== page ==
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'Not Something You Just Amble Into': Life Sciences Is No Walk In The Park


The woman running 1M SF of UK laboratory space, recently promoted to control the largest UKI regional portfolio of life sciences developments, has warned that the property business needs to dump simplistic ideas about bioscience’s real estate needs.

That’s the call from Kath Mackay, newly appointed director of life sciences at Bruntwood SciTech, the UK bioscience real estate business backed by insurance giant Legal & General. SciTech has 2.4M SF of assets under management and a 5M SF development pipeline focused on the life sciences sector’s alternative Golden Triangle of Manchester, Birmingham and Liverpool.

Mackay takes on the role of UK director having run SciTech’s 400-acre Alderley Park life sciences campus, south of Manchester. The park is reputed to be the UK's largest bioscience site.

“To succeed you need to understand that life science people want shared facilities. At Alderley Park, for instance, we have shared labs where companies can rent a bench, and we offer access to capital equipment on a pay-as-you-go basis. We offer shared lab coat cleaning, shared waste facilities, and that’s because life science businesses need these services to be successful but they can’t provide them themselves,” Mackay told Bisnow.

“Real estate also needs to understand what infrastructure is needed to create things like chemistry facilities, needs to know what a clean room is, and so on. Life science property is not something you just amble into. You need a deep understanding of the sector.”

“It is a growing field in the UK but it does not yet have the maturity of the U.S. life sciences sector. Many developers don’t yet understand why it is different and what it needs. There are still questions and a lack of understanding, but that will resolve in time as real estate involvement grows.”

Bruntwood SciTech Director of Life Sciences Kath Mackay

The call for developers to get serious comes after a wave of speculation that former department store sites could be converted into laboratory space.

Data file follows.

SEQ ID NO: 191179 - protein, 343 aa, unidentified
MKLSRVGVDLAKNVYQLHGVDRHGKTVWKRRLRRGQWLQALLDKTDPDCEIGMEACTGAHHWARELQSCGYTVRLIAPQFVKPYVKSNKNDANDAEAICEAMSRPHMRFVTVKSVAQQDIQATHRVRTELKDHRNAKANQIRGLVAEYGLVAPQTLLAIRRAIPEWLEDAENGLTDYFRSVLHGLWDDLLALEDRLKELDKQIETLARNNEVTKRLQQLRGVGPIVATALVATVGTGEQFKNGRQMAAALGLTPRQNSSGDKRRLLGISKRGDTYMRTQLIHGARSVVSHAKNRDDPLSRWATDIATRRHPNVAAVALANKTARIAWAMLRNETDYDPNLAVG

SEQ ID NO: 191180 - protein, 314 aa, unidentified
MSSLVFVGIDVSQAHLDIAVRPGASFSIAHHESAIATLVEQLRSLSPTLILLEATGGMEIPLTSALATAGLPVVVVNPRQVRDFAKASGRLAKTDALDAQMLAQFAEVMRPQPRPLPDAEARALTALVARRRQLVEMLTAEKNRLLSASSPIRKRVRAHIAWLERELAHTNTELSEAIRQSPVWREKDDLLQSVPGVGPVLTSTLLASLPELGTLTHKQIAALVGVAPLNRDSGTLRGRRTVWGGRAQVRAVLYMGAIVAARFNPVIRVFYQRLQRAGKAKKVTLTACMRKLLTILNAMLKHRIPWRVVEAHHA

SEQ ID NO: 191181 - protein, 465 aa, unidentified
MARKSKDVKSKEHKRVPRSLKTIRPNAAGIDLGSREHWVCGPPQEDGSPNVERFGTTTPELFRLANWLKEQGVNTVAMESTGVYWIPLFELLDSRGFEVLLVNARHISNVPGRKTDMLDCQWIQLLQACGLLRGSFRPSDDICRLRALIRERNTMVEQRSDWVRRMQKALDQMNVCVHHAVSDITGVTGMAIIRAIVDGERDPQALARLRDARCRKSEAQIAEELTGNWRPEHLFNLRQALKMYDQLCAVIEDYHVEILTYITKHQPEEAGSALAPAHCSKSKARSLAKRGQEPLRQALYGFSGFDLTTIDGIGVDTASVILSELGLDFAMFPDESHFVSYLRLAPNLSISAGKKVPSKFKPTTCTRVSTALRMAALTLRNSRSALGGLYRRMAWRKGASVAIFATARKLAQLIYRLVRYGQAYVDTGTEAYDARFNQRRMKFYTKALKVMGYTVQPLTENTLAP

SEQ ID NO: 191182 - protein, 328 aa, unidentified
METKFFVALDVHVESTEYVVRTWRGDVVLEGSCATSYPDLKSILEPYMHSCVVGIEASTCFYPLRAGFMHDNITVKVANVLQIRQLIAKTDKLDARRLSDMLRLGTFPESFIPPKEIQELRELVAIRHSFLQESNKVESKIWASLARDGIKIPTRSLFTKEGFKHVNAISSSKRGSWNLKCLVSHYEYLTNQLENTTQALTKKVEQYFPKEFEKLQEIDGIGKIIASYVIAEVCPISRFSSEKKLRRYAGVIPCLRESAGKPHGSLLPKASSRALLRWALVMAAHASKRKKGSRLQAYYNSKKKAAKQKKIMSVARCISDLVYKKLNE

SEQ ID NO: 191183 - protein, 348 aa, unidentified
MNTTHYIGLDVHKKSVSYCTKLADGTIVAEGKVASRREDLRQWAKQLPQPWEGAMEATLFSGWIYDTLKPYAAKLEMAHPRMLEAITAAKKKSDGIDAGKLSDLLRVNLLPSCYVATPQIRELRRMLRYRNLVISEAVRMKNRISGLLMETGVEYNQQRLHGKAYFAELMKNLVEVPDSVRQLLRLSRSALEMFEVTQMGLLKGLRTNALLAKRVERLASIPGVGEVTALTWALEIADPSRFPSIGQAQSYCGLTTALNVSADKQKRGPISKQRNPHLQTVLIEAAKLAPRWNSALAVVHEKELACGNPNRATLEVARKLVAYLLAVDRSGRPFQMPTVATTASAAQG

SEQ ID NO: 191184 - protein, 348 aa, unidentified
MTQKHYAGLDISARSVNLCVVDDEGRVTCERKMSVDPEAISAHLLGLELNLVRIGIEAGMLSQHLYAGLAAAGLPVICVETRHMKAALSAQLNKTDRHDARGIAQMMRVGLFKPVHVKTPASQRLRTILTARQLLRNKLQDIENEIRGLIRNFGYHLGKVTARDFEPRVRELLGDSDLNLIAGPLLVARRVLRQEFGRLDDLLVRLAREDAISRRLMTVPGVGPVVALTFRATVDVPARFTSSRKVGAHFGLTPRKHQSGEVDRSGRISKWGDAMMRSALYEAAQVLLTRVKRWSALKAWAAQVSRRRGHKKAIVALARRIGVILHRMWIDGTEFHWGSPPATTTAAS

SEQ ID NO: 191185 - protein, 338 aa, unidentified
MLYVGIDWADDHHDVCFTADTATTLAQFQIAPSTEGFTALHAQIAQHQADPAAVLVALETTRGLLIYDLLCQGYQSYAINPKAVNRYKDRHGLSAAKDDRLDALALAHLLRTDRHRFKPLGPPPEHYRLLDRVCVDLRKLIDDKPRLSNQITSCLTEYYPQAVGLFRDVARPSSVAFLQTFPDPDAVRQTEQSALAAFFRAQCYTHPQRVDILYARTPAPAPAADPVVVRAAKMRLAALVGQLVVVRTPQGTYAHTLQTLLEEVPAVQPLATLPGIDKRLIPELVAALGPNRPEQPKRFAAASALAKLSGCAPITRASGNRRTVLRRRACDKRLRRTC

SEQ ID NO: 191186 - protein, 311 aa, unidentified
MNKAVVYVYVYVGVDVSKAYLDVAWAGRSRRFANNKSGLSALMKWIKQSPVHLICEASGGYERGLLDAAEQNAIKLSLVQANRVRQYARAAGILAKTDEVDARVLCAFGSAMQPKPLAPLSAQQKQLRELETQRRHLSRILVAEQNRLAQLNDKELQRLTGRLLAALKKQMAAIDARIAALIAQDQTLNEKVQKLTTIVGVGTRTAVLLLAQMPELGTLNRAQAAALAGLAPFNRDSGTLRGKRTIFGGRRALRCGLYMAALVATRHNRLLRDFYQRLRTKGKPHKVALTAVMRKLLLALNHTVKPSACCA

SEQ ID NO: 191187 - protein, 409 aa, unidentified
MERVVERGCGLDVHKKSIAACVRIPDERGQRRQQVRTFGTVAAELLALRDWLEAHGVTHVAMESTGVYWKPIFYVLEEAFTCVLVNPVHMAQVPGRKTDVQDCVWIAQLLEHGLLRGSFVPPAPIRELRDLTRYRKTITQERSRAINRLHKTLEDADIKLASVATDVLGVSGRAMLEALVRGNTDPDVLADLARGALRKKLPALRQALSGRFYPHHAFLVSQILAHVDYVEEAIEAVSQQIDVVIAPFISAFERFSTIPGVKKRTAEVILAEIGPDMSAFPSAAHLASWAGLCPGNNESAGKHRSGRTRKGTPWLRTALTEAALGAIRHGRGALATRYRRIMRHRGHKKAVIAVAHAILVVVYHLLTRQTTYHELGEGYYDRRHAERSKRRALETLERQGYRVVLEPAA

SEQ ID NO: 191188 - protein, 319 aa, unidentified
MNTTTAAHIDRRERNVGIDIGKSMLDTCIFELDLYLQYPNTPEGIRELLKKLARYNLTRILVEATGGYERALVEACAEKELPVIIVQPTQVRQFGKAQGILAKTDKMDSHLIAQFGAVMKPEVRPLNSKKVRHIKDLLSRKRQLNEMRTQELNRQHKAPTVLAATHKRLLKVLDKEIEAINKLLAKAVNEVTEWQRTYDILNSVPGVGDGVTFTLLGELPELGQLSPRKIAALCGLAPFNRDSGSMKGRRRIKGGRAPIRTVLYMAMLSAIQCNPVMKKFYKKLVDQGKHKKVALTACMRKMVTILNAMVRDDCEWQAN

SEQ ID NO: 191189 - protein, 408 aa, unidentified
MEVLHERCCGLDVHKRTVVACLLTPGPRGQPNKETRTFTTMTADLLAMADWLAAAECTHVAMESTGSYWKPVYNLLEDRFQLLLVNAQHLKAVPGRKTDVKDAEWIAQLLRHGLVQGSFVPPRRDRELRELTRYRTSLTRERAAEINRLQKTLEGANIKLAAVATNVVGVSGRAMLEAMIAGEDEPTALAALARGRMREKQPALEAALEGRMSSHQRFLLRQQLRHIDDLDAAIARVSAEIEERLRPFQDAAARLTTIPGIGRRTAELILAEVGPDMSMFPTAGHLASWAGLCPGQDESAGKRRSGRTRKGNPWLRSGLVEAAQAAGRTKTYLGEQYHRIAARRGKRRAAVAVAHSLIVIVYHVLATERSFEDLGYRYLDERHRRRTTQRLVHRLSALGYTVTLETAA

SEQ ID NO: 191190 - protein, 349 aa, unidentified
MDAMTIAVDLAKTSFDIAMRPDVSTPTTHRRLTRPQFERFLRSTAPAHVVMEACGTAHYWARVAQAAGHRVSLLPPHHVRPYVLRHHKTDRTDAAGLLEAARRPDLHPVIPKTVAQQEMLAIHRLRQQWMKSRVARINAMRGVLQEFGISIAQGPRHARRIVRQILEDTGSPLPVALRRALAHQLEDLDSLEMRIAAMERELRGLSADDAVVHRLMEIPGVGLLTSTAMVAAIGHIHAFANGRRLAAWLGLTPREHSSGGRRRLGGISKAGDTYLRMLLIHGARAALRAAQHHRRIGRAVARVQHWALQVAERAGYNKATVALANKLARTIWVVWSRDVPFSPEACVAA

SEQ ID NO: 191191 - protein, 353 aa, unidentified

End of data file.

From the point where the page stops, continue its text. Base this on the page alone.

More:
Research published earlier this year suggested that department stores could make ideal locations for the flourishing UK life sciences and biotech sector. Savills said there are around 100 potential former retail locations in London that could be converted to other uses, amounting to a total of 1.8M SF. The firm said it was already advising on three potential department store-to-laboratory conversions, including one in London that offers the occupiers valued proximity to a major hospital.

“All laboratories are not the same. Some, like digital health projects, will need an office. Some in medical technology will need makerspace, but if we’re talking drug discovery then you need chemistry space which is demanding for a building, and popping it into an ex-Debenhams is not an easy task,” Mackay said.

Mackay’s appointment represents a growing sense that the UK’s “alternative” Golden Triangle of life sciences locations — Manchester, Birmingham and Liverpool — is on the brink of rapid growth. Extending specialist support from the Manchester base to SciTech’s growing operations in Liverpool and at the Birmingham Health Innovation Park is expected to yield rapid results.

“The question is, how can we make the UK the best place to start and grow a life science business, and Bruntwood SciTech had been doing that before, but piecemeal. We are now going to do it at scale,” Mackay said.

The focus for future growth projects will be on medicines and infectious diseases.

The 150K SF Glasshouse building, Alderley Park

Earlier this year SciTech announced it was to double the size of the Birmingham Health Innovation Campus.

A 10-acre site close to the University of Birmingham and Queen Elizabeth Hospital Birmingham, east of the A43 Aston Webb Boulevard, will be redeveloped as a 1M SF health and innovation campus. It is badged as the West Midlands’ only dedicated health and life sciences campus.

Birmingham City Council has now granted planning permission.

It is the biggest step yet in the development of new science property infrastructure in Birmingham and transforms a former battery-making site that had previously been earmarked for a supermarket and petrol station.